Haleakalā National ParkSunrise above the clouds, silence beneath the stars.
Explore Haleakalā National Park's summit views, unique trails, rare wildlife, and stargazing, steeped in Hawaiian culture.
Haleakalā National Park, located on the Hawaiian island of Maui, is known for its breathtaking summit sunrise views and the remarkable Haleakalā Crater. The park's extensive trails offer encounters with unique flora and fauna, and its clear night skies are ideal for stargazing. Cultural heritage is also a significant aspect, with the park preserving the practices and traditions of the native Hawaiian people.
Sunrise and Sunset at Haleakalā Summit
One of the must-do experiences in Haleakalā National Park is watching the sunrise from the summit of Haleakalā volcano. Visitors often arrive early in the morning to witness the sun emerging from beneath the cloud cover, casting vibrant hues across the sky and crater. Similarly, sunsets offer an equally stunning display, with the changing light illuminating the landscape in warm colors. It's essential to make a reservation for sunrise viewing, as space is limited, and temperatures can be cold, so dress accordingly.
Hiking Trails in Haleakalā
The park offers over 30 miles of trails where hikers can find routes ranging from short walks to rigorous multi-day treks. A popular path is the Sliding Sands Trail, which descends into the Haleakalā Crater, offering a closer look at the volcanic landscape and its unique features. For those seeking lush scenery, the Pipiwai Trail to Waimoku Falls passes through a bamboo forest and ends at a stunning 400-foot waterfall.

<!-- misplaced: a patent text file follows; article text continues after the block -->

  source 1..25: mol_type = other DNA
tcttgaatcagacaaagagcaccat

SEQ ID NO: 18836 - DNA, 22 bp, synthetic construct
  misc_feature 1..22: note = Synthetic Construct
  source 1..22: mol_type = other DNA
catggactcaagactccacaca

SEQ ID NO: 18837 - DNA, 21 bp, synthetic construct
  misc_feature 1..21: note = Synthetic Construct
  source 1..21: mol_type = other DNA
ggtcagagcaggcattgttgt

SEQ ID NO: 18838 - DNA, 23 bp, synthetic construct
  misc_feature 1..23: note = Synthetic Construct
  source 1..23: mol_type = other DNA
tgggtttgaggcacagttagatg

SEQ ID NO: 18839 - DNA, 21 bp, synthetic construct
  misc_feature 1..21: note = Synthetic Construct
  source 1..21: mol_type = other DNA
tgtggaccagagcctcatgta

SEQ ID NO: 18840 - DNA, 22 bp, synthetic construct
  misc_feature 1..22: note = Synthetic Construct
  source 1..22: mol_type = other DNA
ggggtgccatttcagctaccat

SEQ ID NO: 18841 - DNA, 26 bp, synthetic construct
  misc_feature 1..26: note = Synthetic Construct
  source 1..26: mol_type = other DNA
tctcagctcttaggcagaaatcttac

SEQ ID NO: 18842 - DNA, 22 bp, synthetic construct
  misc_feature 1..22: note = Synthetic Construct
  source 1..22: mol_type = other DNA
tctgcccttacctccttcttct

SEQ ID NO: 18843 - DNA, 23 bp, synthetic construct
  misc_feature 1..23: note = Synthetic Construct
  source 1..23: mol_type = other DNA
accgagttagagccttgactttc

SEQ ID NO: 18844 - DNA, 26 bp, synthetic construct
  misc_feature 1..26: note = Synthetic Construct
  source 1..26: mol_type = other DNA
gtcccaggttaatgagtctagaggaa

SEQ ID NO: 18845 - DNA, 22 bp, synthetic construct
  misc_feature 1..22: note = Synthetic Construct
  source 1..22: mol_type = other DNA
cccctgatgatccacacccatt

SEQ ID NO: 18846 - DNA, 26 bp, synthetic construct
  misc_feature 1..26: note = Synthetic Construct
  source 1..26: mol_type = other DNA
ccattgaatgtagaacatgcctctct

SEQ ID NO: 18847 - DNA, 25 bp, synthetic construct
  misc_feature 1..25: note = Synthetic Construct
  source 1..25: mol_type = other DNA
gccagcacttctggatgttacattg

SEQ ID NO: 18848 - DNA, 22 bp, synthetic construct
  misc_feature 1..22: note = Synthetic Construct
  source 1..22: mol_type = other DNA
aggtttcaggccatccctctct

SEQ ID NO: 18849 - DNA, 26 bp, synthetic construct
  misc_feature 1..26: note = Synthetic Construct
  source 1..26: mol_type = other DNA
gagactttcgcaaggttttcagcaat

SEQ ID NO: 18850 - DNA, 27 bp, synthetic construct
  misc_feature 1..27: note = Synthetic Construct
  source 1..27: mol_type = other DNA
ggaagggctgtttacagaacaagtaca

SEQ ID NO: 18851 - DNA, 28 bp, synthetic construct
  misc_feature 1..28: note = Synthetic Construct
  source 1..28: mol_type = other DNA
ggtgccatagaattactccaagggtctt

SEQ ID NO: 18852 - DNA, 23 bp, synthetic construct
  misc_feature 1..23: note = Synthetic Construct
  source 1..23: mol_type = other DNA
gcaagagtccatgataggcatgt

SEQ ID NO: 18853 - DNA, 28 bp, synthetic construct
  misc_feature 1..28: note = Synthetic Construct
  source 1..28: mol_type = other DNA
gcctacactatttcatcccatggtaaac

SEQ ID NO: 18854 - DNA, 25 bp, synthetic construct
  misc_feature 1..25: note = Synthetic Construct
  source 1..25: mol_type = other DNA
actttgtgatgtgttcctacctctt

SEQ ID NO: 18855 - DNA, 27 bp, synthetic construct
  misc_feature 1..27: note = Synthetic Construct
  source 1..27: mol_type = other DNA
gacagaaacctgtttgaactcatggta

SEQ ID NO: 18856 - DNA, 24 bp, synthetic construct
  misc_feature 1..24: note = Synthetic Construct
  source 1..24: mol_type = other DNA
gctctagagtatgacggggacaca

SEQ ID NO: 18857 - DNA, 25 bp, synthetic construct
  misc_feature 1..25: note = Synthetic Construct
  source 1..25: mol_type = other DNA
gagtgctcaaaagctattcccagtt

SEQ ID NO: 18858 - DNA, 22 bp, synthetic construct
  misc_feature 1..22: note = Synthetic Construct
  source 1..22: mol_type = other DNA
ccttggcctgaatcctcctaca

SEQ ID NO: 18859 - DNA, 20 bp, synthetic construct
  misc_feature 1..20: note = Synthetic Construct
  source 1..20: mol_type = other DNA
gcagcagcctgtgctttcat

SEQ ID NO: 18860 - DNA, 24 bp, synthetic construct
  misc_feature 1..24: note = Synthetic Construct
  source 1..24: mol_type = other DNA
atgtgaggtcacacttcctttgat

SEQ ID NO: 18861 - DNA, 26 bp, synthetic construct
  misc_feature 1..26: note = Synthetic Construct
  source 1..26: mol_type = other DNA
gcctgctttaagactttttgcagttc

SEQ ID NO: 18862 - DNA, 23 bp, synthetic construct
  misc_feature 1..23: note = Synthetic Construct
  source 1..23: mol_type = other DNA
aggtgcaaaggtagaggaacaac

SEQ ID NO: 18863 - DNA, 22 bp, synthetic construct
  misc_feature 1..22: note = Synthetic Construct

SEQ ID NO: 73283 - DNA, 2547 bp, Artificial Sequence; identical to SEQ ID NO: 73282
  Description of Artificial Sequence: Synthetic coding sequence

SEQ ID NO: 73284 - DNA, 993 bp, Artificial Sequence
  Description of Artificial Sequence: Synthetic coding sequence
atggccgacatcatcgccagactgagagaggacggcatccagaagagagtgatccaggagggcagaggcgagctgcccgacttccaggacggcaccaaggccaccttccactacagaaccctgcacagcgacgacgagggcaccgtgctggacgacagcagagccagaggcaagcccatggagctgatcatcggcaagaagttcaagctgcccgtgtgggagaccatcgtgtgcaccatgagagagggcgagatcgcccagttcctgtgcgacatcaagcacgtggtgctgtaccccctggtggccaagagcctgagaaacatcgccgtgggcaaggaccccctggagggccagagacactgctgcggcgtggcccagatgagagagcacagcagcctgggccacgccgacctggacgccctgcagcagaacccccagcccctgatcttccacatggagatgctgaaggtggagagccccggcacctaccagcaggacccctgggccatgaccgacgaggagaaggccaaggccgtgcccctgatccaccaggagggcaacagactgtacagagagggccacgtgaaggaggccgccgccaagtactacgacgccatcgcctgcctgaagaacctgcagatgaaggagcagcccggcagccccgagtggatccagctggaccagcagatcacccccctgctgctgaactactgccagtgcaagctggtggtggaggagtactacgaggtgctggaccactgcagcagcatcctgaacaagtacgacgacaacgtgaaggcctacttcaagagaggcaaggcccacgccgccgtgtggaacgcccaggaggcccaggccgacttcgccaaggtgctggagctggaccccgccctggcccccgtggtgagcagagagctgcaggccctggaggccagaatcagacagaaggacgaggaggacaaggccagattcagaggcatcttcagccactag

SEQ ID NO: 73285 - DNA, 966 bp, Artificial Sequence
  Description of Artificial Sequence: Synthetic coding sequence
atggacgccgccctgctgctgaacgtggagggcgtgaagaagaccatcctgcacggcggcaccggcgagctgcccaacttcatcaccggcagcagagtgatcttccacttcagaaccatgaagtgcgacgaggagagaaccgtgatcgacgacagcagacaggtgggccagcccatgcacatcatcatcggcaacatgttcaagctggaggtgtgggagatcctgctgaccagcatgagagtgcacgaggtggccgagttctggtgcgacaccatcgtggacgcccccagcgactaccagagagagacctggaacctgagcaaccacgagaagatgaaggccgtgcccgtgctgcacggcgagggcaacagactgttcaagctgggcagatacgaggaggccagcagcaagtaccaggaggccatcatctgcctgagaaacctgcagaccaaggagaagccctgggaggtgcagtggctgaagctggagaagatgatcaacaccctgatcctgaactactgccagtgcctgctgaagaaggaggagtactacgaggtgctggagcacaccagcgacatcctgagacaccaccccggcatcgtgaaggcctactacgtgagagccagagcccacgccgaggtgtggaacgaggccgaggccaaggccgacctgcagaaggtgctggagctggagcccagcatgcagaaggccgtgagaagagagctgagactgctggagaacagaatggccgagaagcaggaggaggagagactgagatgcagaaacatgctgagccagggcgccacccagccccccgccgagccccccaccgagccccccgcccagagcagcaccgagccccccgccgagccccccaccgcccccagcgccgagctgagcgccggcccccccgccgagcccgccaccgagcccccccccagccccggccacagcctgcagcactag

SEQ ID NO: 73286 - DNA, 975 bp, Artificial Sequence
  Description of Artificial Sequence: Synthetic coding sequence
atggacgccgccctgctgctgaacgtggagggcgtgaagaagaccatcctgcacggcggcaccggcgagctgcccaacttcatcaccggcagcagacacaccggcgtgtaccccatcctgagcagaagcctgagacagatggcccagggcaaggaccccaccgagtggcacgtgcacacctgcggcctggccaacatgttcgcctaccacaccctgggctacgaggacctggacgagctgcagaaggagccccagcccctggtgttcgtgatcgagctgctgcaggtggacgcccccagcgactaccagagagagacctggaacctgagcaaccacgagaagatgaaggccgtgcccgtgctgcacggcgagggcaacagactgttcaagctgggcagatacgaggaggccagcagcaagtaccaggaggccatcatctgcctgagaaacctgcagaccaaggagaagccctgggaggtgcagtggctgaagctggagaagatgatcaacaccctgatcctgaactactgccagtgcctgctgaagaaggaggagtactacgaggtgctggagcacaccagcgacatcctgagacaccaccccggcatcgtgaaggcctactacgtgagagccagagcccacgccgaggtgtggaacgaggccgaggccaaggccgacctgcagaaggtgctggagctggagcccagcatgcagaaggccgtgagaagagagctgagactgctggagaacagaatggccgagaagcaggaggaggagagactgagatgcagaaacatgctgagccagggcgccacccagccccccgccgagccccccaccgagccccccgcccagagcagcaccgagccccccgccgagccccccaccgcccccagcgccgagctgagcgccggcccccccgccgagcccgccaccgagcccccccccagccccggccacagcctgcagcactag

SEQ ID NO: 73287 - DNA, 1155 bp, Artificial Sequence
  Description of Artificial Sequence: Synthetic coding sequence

Wildlife and Flora
Haleakalā National Park is home to a variety of endemic species such as the Hawaiian goose or nēnē, and unique plants like the silversword. The Hosmer Grove area is an excellent spot for bird watching, where visitors might catch a glimpse of rare birds such as the Hawaiian honeycreepers. Conservation efforts are ongoing to preserve these native species, many of which are found nowhere else on earth.
Cultural Significance and Ranger-Led Programs
The park's connection to Native Hawaiian culture is profound, with Haleakalā considered sacred in Hawaiian tradition. Visitors can learn about the cultural heritage through ranger-led programs that discuss the park's history and significance to indigenous people. The visitor centers also offer educational exhibits detailing these cultural connections and the park's natural history.
Stargazing at Haleakalā
The high elevation and isolation of Haleakalā make it an exceptional location for stargazing. On clear nights, the sky above the crater is flooded with stars and visible celestial bodies. The park occasionally hosts stargazing events, but even without telescopes, the views of the night sky are impressive.
Weather Patterns and Best Times to Visit
Due to the high elevation of the summit area, weather conditions can be unpredictable and change rapidly. Visitors should come prepared for possible rain and cold temperatures even during Hawaii's summer months. The best times to visit depend on what you want to experience; for clear sunrise views, April through October is often recommended, while hikers may prefer the cooler months.